Action on Tobacco Bill Defended
Former state Rep. Richard Morgan defends actions he took in 2003, as House co-speaker, to kill legislation that would have hurt small tobacco companies.
"It was nothing more than the big boys trying to beat out the little boys," Morgan says.
S&M Brands of Keysville, Va., a small cigarette maker that stood to lose plenty if a Senate bill backed by big tobacco companies had passed, contributed $100,000 in 2004 to a nonprofit political group that Morgan formed to promote his leadership and attack his opponents.
The contribution to the N.C. Republican Main Street Committee helped finance the re-elections of Morgan and some of his closest allies.
Morgan was served with a federal subpoena in November to testify before a grand jury investigating corruption.
Among other things, federal investigators were seeking information from Morgan about the $100,000 contribution from S&M Brands. He testified in December.
The bill would have changed the Master Settlement Agreement (MSA) to prevent small companies from removing money from an escrow account set up to cover any awards that states might seek in future tobacco lawsuits.
"It started for me when a trusted colleague (former Rep. Julia Howard) came to me about a mom-and-pop company in her district (Alternative Brands) that would have been hurt," he says. "I went to hear their story. Sabra (Sabra Faires, then Morgan's chief of staff) was pretty smart about that MSA. It is a pretty complicated issue."
A year before, Morgan says, attorneys for the smaller companies wanted to make a change in the settlement agreement, but the big companies objected.
"They said it was sacrosanct, that it can't be changed," Morgan says. "Then they come back a year later and want to modify it What changed in a year?"
The bill had passed the Senate without dissent. Before the House could vote, Morgan moved it to the Rules Committee, where many bills get buried.
Don Beason, a lobbyist for S&M Brands, says the family-owned company's donation to Morgan's Main Street Committee was "an open, clean contribution that was reported at the time it was given." He says that Malcolm Bailey, president and CEO of the Keysville, Va.-based company, is "as honest a human being as I've ever dealt with."
Bailey personally contributed $4,000 to Morgan's campaign committee in 2003 and $4,000 in 2005, according to campaign finance reports. He listed his occupation on the reports as a tobacco farmer.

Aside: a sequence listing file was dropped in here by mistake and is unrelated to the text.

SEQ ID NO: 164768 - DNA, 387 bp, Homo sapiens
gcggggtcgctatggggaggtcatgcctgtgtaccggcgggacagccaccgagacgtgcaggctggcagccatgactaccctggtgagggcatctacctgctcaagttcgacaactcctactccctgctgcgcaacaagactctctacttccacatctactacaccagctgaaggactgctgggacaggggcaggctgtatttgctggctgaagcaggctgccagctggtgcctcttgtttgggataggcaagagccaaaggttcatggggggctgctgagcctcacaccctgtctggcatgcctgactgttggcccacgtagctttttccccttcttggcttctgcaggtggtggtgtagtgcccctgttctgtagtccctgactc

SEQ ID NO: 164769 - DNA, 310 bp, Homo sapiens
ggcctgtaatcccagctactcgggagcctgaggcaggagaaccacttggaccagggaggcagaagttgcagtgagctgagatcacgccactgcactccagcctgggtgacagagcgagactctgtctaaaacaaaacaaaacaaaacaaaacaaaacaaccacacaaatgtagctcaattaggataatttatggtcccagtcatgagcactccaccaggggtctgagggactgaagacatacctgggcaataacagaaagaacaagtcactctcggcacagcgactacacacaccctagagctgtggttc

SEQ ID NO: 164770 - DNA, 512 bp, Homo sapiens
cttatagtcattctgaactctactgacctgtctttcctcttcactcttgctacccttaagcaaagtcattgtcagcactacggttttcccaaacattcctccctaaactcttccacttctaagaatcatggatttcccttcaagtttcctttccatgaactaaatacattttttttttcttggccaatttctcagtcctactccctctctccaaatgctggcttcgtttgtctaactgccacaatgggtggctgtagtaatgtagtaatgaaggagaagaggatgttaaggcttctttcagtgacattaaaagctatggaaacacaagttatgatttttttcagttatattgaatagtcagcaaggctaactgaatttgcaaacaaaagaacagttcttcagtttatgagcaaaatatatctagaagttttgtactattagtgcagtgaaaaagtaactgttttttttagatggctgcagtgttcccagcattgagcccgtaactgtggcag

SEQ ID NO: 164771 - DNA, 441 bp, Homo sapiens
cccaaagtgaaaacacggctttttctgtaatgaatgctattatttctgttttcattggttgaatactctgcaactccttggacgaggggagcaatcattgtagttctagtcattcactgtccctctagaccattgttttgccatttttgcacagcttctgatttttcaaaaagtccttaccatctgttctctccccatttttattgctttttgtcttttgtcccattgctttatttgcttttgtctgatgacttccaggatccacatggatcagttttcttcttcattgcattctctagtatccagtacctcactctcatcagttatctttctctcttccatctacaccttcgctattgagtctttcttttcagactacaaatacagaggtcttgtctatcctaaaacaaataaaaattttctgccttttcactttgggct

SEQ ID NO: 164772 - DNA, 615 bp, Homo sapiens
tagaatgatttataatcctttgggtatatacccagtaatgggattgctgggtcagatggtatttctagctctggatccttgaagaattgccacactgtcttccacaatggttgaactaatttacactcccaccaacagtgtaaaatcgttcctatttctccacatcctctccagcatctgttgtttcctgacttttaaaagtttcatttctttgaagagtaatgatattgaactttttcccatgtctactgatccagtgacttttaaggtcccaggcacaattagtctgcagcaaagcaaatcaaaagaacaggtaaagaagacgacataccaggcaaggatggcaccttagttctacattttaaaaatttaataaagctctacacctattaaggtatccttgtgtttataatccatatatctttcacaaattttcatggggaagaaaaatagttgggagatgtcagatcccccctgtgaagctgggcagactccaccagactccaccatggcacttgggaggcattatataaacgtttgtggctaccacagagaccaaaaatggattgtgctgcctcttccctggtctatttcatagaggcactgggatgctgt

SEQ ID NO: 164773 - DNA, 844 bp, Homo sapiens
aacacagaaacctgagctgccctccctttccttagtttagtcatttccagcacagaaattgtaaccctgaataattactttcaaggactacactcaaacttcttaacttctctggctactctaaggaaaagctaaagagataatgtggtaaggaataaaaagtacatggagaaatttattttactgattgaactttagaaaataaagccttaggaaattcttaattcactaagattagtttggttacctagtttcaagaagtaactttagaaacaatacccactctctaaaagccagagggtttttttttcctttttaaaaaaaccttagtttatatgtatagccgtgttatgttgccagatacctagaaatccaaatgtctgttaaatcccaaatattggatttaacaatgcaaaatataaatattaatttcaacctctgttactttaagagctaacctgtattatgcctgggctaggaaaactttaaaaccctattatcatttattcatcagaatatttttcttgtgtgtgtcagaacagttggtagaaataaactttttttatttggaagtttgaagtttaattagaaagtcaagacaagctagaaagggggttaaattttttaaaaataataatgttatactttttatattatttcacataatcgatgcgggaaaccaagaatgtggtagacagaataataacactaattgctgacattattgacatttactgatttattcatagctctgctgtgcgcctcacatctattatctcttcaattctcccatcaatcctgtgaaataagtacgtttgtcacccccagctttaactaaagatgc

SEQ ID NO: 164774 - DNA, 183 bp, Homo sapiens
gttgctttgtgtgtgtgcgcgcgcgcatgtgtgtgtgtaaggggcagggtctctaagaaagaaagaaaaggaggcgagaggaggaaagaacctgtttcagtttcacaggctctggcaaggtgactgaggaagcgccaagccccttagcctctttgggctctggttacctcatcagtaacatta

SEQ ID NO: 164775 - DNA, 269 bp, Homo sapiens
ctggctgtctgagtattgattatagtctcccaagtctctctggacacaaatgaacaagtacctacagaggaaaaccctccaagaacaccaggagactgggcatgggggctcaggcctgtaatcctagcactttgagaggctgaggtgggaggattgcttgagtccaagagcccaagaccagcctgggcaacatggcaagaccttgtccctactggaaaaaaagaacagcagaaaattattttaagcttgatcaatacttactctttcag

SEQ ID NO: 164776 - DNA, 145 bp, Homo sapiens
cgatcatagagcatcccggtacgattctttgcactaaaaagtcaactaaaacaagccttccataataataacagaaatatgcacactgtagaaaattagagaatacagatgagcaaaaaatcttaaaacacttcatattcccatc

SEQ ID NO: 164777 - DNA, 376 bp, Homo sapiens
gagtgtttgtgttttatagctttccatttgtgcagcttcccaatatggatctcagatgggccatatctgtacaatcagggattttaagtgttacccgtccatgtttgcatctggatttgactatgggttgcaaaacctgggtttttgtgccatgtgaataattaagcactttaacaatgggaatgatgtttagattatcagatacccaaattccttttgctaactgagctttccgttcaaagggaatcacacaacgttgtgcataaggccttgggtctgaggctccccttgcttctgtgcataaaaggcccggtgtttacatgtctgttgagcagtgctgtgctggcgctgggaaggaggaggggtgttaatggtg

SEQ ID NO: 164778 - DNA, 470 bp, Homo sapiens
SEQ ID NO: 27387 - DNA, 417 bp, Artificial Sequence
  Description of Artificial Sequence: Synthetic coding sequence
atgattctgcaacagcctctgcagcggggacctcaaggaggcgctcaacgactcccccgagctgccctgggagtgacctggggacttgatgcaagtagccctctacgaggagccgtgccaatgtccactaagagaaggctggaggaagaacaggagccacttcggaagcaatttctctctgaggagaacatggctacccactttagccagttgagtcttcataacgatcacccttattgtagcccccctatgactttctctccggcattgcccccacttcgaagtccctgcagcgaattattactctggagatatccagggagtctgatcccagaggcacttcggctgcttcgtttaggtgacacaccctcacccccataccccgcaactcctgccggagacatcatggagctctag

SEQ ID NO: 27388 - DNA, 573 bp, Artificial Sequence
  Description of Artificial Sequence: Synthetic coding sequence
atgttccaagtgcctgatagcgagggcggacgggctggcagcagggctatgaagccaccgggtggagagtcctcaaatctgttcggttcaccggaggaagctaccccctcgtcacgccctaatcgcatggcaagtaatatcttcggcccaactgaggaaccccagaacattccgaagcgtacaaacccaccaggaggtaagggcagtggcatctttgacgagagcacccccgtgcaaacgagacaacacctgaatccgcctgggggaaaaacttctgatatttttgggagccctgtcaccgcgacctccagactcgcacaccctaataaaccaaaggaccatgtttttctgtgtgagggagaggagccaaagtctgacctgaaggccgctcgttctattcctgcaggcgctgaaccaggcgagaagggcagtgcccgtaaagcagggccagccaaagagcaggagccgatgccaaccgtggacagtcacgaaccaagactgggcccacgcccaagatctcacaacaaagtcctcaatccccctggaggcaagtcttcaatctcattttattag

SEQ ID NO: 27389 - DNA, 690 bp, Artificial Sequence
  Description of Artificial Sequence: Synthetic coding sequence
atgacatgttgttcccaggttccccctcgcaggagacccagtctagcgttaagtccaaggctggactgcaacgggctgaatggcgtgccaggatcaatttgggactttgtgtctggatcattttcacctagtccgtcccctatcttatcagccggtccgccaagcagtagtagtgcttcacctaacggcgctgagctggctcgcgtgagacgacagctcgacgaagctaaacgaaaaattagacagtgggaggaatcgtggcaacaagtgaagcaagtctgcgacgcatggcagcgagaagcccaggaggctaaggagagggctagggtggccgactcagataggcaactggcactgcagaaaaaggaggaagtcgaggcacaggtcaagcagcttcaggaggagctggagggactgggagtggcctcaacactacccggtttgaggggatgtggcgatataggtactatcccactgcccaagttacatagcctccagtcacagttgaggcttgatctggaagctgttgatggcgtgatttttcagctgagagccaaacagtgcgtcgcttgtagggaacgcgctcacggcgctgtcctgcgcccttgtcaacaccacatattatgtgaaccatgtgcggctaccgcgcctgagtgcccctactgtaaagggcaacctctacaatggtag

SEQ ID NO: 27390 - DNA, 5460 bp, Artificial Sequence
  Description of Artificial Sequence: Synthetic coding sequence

Everett Gee, S&M Brands' corporate counsel, told The News & Observer of Raleigh in 2004 that the company appreciated Morgan's effort to quash the bill. But he said it had nothing to do with the company's $100,000 donation of April 29, 2004. The Pilot was unable to reach him for comment.
"Our company is very politically active, and traditionally we've been involved in Republican politics as far as individual family members," Gee told The N&O. "So it's nothing unusual for us to support good conservative candidates."
Morgan's political opponents formed a nonprofit group of their own, the Republican Legislative Majority of North Carolina, which raised $200,000 from Variety Stores of Henderson. The company is a subsidiary of Variety Wholesale of Raleigh. Its president, Art Pope, is a former state representative and a Morgan enemy.
Pope said the contribution certainly created an impression of a politician being influenced by big-money special interests.
"We had no legislation of interest pending before the General Assembly at the time," Pope told The Pilot.
Morgan contends that he was unaware of the donation and that it had nothing to do with killing the legislation that would hurt small companies such as S&M Brands and Alternative Brands.
"You can't pay me a million dollars to influence my opinion," Morgan said.?
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